Solder based flip-chip packaging has prompted interest in many integrated circuit (IC)packaging applications due to its many advantages in terms of cost, package size, electricalperformance, input/output density, etc. The ball grid array (BGA) is one of the most commonflip-chip packaging techniques used for microprocessor applications. However, mechanicalstresses induced by the flip-chip process can impact adversely on the reliability of production.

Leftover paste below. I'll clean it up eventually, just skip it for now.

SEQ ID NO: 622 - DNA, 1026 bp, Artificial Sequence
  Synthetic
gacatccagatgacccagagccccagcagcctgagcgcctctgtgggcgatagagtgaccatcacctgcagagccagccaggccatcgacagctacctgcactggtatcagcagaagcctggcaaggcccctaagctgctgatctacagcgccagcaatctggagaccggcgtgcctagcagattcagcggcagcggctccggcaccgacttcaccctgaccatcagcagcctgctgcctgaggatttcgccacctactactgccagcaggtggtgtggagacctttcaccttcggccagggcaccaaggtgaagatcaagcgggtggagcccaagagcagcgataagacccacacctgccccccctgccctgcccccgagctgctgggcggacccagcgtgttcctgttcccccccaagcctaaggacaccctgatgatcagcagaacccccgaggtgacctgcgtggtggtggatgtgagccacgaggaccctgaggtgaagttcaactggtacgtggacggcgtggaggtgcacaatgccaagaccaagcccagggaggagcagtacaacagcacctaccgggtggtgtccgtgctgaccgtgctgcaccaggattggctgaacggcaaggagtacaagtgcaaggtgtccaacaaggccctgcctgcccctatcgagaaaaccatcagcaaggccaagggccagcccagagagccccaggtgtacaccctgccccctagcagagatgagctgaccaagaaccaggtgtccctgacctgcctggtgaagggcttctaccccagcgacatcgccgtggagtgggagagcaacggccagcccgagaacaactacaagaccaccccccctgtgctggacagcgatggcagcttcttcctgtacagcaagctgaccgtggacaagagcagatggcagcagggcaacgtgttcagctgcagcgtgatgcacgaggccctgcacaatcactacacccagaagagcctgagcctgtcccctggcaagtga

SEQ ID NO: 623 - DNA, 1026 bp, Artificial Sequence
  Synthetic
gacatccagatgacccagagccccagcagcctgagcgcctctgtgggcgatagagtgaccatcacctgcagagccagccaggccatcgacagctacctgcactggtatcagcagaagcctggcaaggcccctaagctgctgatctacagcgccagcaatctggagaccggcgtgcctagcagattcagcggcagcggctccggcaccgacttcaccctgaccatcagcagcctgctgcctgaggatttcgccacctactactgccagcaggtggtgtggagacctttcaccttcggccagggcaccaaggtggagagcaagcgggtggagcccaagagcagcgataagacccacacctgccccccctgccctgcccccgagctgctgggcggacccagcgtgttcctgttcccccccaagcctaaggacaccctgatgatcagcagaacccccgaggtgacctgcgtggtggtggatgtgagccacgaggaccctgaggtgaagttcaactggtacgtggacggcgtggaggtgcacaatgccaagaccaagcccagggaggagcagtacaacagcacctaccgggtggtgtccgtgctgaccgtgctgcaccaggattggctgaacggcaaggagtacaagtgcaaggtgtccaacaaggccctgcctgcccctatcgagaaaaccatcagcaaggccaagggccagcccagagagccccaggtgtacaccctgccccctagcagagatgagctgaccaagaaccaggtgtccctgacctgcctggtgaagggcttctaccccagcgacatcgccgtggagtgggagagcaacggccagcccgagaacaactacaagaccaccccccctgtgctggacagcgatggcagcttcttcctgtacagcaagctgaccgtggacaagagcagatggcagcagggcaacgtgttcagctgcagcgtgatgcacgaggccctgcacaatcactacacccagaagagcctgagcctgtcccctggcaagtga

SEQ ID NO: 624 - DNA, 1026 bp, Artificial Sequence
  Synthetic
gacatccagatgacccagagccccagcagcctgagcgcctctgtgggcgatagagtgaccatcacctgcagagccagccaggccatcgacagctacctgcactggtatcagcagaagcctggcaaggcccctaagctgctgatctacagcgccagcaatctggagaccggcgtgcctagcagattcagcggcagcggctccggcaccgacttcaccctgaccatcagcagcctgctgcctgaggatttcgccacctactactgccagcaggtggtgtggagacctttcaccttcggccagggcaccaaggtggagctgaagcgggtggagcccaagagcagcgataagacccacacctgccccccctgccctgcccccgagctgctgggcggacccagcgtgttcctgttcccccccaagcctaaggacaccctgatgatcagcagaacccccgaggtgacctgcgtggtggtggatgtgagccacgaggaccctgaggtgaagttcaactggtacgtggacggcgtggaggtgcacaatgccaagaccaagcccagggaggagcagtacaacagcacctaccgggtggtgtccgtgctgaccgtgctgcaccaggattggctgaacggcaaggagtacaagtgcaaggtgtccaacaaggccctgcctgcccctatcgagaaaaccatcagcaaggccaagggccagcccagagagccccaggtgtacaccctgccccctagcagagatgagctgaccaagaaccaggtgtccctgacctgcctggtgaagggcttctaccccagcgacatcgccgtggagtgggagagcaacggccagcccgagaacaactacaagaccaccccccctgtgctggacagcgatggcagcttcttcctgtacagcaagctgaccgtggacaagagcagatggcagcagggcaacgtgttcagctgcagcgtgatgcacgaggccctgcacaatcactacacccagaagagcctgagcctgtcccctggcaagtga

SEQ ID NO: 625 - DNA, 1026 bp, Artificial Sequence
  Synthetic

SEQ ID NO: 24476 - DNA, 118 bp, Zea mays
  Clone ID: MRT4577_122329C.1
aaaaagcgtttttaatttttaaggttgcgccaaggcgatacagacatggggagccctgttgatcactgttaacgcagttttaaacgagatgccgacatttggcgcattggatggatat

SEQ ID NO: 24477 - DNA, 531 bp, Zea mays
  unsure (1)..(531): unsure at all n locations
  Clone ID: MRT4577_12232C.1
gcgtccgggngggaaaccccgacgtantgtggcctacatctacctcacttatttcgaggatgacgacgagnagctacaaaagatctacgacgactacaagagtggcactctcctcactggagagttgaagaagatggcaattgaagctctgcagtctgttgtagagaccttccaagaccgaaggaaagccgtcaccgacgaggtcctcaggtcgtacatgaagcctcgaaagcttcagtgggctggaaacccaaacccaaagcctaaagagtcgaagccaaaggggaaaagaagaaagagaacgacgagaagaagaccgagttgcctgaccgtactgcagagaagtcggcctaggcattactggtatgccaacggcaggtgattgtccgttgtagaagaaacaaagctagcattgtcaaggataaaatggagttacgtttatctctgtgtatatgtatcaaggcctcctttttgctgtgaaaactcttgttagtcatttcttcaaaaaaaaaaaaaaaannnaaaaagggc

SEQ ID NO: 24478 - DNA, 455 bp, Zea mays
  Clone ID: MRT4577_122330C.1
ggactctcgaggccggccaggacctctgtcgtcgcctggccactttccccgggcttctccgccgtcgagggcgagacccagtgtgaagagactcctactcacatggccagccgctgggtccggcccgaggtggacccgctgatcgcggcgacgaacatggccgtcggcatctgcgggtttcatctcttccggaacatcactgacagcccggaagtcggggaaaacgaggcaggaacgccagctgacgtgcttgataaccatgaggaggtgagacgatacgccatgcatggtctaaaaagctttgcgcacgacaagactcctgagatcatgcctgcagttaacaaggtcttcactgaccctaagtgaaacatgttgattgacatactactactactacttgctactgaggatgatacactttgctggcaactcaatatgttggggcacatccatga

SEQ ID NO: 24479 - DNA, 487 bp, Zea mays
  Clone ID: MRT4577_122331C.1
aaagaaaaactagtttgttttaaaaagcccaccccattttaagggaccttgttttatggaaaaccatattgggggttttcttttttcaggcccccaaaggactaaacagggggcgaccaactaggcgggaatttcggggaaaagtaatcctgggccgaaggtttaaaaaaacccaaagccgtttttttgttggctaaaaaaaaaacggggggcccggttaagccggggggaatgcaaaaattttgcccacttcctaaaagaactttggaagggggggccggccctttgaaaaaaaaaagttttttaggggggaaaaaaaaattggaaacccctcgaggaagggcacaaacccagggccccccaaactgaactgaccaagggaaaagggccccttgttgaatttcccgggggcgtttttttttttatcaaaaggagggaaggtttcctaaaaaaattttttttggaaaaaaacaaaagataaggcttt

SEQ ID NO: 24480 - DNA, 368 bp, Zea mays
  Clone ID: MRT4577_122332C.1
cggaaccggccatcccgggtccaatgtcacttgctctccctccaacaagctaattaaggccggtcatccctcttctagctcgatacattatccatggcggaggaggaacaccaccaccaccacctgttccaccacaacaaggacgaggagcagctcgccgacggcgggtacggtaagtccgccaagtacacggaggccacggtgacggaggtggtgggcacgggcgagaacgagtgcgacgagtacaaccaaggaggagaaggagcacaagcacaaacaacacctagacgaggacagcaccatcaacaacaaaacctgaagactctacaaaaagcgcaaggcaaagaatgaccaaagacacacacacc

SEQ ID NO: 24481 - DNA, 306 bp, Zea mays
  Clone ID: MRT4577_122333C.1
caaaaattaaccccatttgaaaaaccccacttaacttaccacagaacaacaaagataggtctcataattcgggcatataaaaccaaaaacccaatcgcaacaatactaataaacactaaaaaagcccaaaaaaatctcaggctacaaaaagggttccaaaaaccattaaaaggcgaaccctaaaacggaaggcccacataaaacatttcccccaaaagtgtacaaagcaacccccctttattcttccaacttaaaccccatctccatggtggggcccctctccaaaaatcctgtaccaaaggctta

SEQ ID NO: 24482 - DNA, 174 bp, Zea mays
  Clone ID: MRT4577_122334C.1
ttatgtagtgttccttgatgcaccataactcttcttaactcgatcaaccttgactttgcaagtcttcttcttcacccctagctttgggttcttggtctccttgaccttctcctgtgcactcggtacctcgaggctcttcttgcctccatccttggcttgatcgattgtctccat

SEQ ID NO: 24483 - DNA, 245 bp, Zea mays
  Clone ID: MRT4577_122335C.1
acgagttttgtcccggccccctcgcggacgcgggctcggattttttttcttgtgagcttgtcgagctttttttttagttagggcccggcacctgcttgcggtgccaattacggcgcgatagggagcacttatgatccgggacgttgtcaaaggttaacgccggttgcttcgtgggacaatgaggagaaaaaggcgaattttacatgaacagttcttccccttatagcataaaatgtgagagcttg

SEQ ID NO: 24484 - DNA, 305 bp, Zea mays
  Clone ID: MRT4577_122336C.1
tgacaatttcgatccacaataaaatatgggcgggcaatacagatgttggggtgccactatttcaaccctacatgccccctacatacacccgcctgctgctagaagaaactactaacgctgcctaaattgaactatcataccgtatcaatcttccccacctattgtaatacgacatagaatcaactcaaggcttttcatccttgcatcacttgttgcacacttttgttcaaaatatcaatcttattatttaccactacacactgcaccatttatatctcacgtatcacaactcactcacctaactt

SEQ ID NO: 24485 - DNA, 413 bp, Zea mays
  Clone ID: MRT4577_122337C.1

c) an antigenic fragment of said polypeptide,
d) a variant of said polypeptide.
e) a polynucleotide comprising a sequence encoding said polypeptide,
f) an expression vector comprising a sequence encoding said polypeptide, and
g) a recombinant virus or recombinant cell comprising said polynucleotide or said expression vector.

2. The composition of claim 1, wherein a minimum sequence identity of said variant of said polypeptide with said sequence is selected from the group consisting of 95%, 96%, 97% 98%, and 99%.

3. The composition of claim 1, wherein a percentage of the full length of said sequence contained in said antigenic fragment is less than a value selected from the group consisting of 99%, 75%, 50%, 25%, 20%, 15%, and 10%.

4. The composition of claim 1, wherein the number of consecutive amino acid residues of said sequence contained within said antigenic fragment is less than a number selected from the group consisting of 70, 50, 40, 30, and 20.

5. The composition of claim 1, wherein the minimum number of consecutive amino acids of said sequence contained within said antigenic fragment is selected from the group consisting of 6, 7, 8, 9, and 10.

White beam synchrotron x-ray topography (SXRT), a non-destructive technique, has beenemployed to investigate the spatial extent of strain fields imposed on the underlying siliconsubstrate for Intelν®Pentiumν®III microprocessors due to the lead-tin solder bump process for BGApackaging. Large area and section back-reflection SXRT images were taken before and after asimulation of the reflow process at 350°C in atmosphere. The presence of induced strain fields inthe Si substrate due to the overlying bump structures has been observed via the extinction contrasteffect in these x-ray topographs. In addition, orientational contrast effects have also been foundafter the reflow process due to the severe stresses in the underlying silicon beneath the lead bumps.The estimated magnitudes of stress, ∣σ∣, imposed on the underlying silicon were calculated to be100 MPa. The spatial strains in the underlying silicon were relieved dramatically after the leadbumps were removed from the wafer, which confirms that the bumps are indeed a major source ofstrain in the underlying Si. Finite element analysis (FEA) has also been performed in 2-D planestrain mode. The magnitudes and spatial distribution of the stresses after the reflow process are ingood agreement with the SXRT results.
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